This is based on opinion. Please don't list it on a work's trope example list.
Tear Jerker / Honor Harrington
The horrible discovery of what happened to the survivors from HMS Madrigal in Honor of the Queen. Especially Courvosier's death, and Honor's bitter realization that she never told him she loved him. Some things just aren't fair... but oh, Honor, he knew. He knew.
Mike Henke bringing the news of Paul Tankersley's death to Honor in Field of Dishonor.
Honor's funeral in Echoes of Honor and her reunification with her parents in Ashes of Victory.
Mesa's attempt to assassinate Queen Berry in Torch of Freedom. In particular, Lara, realizing she can't get out before the nerve gas hits her, hurls Berry through a door where her lover, Saburo X, catches her. Lara has just enough time to say "I love you!" before Saburo closes the door.
The aftermath of Operation Oyster Bay in Mission of Honor, where not only was there damage to the Manticoran military, but debris from the attacked space stations fell onto Sphinx, wiping out much of the city of Yawata Crossing, nearly an entire colony of treecats, and most of Honor's family — including Andrew LaFollet, who died as he lived, saving Honor's mother and son. Some things are just. Not. FAIR.
The destruction of HMS Hexapuma during Oyster Bay. After everything that ship had been through... why, Weber?? WHY??? At least... at least her name was on the List of Honor. Terekhov's Hexapuma may be gone, but her legacy will forever live on.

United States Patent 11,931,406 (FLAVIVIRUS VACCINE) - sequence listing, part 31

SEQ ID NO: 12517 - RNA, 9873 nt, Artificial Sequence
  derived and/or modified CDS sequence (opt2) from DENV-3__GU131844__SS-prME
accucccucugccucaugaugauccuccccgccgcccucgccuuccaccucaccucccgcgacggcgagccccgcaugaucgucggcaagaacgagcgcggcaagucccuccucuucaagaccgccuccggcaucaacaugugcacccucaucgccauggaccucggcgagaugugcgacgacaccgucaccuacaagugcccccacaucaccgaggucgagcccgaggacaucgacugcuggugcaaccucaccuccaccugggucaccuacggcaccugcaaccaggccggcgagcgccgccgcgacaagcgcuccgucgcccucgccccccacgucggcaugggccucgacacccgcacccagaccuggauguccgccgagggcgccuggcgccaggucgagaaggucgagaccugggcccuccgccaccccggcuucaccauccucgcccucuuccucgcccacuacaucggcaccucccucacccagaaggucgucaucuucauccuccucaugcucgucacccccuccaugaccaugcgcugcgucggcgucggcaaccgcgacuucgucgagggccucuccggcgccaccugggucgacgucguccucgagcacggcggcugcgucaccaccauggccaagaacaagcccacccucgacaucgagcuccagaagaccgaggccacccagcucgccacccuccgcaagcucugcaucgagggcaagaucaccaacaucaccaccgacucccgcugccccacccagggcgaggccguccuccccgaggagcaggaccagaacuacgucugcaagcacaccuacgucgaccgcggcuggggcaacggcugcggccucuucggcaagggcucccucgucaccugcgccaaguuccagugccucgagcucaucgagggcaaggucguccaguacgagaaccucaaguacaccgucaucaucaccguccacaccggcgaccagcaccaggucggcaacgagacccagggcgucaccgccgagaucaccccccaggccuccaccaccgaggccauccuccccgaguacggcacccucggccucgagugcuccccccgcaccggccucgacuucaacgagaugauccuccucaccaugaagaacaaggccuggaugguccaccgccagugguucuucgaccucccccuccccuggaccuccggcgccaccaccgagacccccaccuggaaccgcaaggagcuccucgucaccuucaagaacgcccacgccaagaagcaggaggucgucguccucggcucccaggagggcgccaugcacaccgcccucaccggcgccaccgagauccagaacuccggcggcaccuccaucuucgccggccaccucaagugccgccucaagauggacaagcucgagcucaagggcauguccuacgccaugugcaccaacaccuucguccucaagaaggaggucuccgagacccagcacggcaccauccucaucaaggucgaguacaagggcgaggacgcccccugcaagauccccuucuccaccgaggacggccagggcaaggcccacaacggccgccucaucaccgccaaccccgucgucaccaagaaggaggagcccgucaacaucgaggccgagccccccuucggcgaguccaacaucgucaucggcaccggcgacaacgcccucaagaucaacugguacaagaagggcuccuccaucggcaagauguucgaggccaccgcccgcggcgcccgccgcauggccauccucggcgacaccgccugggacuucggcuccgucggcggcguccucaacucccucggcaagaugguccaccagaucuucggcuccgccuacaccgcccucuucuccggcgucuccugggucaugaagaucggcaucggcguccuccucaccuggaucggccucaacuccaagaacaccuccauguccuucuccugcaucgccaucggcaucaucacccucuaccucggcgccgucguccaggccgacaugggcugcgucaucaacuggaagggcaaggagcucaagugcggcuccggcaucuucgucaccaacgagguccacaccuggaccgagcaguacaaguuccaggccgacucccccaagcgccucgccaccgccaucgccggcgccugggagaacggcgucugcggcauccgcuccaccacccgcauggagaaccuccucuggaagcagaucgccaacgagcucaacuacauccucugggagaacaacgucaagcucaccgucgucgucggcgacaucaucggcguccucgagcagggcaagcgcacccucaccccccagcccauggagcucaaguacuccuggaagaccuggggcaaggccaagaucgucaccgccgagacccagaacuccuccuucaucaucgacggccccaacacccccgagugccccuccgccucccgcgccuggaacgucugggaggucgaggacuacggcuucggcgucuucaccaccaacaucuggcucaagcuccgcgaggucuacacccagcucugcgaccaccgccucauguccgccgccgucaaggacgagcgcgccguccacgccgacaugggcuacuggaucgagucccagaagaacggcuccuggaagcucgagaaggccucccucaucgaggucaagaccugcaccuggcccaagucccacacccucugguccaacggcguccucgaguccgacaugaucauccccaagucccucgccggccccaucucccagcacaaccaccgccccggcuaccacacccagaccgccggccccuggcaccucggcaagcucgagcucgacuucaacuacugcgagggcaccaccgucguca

In War of Honor, Hamish literally begging Honor to come back alive from Silesia, because no matter how impossible it is, he loves her and he can't bear to lose her again.
Sorrow Singer, the sole survivor of the Black Rock Clan of treecats all but wiped out by Oyster Bay, telling Honor that the Harrington clan has protected the treecats for centuries out of pure love — and now, the treecats will protect everyone fighting against Mesa for the same reason. Sorrow Singer felt her entire clan die thanks to treecat telepathy, and her sorrow should have broken her, but somehow, it didn't.
Sorrow Singer: We know how to deal with those who would slay those we love. Do not forget how Death Fang’s Bane and Climbs Quickly first met. They fought, and they bled, and each almost died for the other. Now it is our turn, and we wish you to go to Soul of Steel and Truth Seeker. Tell them the People — all the People of this entire world -— know who would protect them and who would slay them. We know how you and your clan have always loved and protected and shielded us from harm, Dances on Clouds. But the time has come for that to change, and we do not choose to be kittens forever. If you would guard us, then we will guard you, and if we die as Far Climber did, as Climbs Quickly almost did, as Laughs Brightly has almost died for you and you for him, then we will die. But we will not hide. We will not be children. If you will fight for all this world, for all of us, then we will fight for you.
From what we already know of treecat culture, that is not simply a Meaningful Name. When a treecat changes significantly, their name may be changed to match. Essentially she has dealt with her grief by becoming it.
Admiral Higgins having to nuke Grendelsbane, because he couldn't let what was there fall into enemy hands, and he had no way to defend the base with the force he had. His self-loathing is heartbreaking, and even more so because he had no choice at all.